Correlating otopathological analysis with genetic screening for existing syndromic and non-syndromic inner ear diseases is the goal of the House Ear Institute's contribution to the NIDCD's Otopathology Research Collaboration Network. The value of these correlations lies in connecting genetic diagnosis with a better understanding of disease progression and pathological sequelae, as well as the identification of targets for future treatment and, importantly, improved genetic counseling. Because of an almost complete lack of human biopsy material associated with inner ear disease, such connections remain largely unknown, and the only source of this information is the existing post-mortem temporal bone collections. For this reason, we have developed techniques for extracting and analyzing biological material (DNA and protein) from existing archival temporal bones for which relevant clinical data is cataloged and available. Here, we propose several Specific Aims designed to identify the underlying genetic mutations/genetic variants in existing temporal bone collections housed by members of our consortium, with the purpose of establishing a genotype/otopathology phenotype correlation. This has not been done consistently for any of the known genetic disorders of the inner ear, and the successful outcome of this proposal promises to provide an enhanced resource for the clinician and researcher who wish to link the etiology of inner ear disease with its otopathological outcome.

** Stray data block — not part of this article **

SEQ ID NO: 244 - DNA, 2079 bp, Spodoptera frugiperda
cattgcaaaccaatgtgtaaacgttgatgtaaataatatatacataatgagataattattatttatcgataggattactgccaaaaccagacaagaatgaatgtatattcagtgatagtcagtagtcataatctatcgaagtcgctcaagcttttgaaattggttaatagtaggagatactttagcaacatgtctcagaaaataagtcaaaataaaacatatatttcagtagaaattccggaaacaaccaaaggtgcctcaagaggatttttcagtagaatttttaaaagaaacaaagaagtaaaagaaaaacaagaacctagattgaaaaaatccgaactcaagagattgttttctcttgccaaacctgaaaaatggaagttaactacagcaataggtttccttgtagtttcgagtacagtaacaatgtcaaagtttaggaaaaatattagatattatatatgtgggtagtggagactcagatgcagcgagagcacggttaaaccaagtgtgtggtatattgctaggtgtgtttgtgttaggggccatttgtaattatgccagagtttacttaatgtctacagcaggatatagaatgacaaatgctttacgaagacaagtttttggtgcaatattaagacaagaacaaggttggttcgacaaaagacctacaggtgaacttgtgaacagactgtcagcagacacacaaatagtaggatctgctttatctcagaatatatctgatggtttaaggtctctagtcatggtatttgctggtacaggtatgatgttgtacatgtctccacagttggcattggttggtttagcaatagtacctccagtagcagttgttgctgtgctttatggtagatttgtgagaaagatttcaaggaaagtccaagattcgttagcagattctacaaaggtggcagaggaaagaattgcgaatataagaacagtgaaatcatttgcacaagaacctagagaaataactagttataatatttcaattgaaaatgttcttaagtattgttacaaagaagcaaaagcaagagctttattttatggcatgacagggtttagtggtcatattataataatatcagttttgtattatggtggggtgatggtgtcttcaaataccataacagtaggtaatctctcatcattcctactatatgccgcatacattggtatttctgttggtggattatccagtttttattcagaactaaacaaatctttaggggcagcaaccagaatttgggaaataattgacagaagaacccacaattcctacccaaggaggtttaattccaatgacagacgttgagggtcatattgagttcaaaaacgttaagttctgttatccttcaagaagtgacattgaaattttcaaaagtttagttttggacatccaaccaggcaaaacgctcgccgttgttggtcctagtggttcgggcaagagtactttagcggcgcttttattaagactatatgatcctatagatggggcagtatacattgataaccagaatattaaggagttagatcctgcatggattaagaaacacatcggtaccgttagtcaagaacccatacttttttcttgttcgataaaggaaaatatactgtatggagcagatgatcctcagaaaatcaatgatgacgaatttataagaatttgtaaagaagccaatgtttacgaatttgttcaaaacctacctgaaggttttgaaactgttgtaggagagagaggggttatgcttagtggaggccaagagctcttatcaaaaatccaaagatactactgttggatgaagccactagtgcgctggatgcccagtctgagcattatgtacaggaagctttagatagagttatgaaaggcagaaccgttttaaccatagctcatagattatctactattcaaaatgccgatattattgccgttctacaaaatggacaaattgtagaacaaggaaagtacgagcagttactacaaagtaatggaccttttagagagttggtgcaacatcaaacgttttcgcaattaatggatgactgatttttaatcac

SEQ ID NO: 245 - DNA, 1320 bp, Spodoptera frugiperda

Molecular biological techniques have only recently been applied to study the correlation of biological structure with function in normal and diseased human temporal bones. This proposal will fill the knowledge gap by performing a comprehensive genotype-phenotype correlation in four hearing disorders; 1) Hereditary; 2) Meniere's; 3) Otosclerosis; and 4) NF2.
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